The regime in Jordan is facing increasing criticism at home and especially amid the warming of relations with Israel, which has recently been reflected in the signing of bilateral agreements and a series of visits by senior Israeli officials to Amman.
This past Friday, following prayers at the mosques, the Islamic Movement and the National Forum for Supporting the Palestinian Resistance and Preserving the Homeland held a demonstration in the center of Amman to mark Land Day and the anniversary of the IDF operation 1968 against Palestinian Arab terrorist organizations in Jordan.
The demonstrators carried posters against the peace agreement with Israel and in support of the “Palestinian resistance”. In addition, a poster was displayed in support of Dia Hamarsha, the terrorist who carried out the shooting attack in Bnei Brak last week in which five people were murdered.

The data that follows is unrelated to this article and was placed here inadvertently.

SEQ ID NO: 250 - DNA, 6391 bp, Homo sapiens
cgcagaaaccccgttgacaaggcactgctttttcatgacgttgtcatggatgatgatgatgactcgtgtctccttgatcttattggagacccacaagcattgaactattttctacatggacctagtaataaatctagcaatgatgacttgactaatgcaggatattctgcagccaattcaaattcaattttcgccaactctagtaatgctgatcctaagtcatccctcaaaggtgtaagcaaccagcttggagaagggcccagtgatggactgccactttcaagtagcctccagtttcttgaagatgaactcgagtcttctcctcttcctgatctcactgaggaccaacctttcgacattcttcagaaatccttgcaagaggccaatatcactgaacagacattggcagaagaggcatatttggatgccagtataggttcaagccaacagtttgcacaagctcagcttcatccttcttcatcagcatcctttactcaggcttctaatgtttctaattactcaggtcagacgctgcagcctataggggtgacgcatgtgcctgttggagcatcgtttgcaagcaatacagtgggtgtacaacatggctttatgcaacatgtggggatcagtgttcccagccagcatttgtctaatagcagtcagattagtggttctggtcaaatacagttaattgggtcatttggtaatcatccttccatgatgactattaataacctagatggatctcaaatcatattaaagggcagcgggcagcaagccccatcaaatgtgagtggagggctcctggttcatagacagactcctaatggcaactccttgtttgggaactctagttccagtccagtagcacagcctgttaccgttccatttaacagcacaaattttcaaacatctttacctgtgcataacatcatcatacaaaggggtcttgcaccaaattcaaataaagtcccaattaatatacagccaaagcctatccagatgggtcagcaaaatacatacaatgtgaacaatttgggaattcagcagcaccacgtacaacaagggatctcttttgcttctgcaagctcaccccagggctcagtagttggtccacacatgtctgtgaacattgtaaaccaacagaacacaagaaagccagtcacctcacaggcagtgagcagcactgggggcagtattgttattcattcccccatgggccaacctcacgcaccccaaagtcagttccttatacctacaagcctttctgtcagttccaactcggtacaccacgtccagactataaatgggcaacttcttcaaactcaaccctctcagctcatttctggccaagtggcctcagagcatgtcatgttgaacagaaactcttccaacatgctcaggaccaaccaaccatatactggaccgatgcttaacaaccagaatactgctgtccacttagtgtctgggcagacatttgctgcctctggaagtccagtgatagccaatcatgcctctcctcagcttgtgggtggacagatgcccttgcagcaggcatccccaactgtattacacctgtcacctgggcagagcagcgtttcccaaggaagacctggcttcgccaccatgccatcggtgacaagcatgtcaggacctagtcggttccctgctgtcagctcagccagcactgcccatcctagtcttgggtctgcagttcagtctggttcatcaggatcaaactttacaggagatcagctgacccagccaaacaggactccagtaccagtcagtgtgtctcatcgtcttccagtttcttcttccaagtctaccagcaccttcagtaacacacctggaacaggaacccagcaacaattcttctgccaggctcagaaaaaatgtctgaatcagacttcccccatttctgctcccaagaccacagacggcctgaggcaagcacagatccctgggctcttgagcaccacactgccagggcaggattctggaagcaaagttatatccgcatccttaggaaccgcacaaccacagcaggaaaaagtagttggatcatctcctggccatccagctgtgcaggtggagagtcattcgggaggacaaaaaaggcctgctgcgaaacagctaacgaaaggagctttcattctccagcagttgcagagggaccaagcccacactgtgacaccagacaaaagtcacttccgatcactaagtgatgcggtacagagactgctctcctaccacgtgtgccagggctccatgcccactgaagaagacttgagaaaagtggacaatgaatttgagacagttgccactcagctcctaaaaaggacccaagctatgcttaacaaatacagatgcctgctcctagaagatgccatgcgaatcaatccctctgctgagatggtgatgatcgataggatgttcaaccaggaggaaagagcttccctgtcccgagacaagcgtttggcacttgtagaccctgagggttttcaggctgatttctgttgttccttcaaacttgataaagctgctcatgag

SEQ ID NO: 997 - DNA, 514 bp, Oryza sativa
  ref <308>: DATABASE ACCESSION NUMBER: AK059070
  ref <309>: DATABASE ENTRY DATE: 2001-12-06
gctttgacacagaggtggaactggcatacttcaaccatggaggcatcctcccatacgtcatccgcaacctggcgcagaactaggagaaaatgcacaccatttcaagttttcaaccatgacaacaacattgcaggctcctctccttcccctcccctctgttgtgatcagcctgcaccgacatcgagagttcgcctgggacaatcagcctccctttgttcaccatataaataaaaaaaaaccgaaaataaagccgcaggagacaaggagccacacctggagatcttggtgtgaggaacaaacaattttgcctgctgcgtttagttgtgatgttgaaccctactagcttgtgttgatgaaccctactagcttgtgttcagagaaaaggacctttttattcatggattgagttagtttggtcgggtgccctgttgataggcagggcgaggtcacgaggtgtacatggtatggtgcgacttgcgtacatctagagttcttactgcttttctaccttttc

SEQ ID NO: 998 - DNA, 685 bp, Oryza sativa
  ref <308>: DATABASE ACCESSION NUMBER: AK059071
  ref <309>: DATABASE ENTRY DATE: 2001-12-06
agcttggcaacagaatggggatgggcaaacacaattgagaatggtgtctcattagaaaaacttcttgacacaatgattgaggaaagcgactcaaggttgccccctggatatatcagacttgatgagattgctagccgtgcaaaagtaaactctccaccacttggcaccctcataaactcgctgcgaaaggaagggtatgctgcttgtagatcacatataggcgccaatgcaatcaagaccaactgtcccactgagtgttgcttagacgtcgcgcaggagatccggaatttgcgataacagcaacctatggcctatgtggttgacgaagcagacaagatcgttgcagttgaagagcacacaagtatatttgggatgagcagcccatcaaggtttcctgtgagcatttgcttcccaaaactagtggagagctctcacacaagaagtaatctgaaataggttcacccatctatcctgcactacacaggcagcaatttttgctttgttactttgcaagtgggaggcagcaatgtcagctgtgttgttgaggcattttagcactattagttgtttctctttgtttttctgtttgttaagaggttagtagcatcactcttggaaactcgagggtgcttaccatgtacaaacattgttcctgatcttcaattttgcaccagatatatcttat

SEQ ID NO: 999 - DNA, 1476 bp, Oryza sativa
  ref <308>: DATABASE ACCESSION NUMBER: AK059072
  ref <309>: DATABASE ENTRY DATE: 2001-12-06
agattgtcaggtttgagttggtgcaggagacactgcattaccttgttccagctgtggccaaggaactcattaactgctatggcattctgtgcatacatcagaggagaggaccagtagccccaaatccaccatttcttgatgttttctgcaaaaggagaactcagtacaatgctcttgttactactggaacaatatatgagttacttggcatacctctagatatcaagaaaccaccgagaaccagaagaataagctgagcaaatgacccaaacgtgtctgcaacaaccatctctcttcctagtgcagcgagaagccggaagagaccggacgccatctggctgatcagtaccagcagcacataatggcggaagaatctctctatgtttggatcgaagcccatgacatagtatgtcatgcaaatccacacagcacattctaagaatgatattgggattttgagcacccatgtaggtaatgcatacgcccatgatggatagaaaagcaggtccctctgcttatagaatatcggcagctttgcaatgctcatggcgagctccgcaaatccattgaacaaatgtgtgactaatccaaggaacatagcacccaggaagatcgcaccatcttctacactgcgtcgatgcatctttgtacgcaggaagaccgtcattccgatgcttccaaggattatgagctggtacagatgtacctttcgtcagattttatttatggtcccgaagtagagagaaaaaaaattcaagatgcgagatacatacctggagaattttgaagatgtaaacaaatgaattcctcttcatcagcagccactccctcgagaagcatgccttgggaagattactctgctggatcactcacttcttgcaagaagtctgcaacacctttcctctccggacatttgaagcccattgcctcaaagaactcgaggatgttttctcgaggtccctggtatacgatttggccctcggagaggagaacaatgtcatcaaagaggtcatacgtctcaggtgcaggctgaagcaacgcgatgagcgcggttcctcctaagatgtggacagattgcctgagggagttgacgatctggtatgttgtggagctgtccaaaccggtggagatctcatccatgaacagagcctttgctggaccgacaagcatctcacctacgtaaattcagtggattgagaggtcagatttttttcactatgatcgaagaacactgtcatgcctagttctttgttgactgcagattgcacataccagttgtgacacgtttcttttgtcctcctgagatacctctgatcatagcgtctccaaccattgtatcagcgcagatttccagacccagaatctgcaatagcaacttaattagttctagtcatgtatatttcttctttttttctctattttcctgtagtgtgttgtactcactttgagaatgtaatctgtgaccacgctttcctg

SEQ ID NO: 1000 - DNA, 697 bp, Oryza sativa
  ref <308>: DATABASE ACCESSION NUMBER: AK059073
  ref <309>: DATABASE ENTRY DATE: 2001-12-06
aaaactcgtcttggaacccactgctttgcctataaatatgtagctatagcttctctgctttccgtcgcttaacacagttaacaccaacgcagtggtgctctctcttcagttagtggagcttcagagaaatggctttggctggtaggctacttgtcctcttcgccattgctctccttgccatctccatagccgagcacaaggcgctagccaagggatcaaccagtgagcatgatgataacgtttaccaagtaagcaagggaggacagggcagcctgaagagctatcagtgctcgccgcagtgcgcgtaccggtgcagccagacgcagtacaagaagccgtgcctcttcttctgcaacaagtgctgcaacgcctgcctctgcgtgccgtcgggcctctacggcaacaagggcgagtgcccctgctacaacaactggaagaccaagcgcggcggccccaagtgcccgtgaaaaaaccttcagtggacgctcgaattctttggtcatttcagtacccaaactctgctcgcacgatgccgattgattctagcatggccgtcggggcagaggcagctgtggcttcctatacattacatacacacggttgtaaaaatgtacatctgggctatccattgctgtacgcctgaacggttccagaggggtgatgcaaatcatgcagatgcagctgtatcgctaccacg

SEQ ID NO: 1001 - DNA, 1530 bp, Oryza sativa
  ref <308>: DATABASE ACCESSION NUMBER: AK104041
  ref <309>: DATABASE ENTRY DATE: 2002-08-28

Jordan signed a peace deal with Israel in 1994 but its parliament, which is made up mostly of Islamists, remains anti-Israel and its members have more than once called to annul the peace treaty.
The Jordanian parliament has in the past approved a proposal to establish a committee to reevaluate all formal ties with Israel, including the peace agreement. That decision does not necessarily mean that the peace accords with Israel will be annulled, as such a decision requires the approval of the government, the royal palace and the council advising Jordan's King Abdullah II.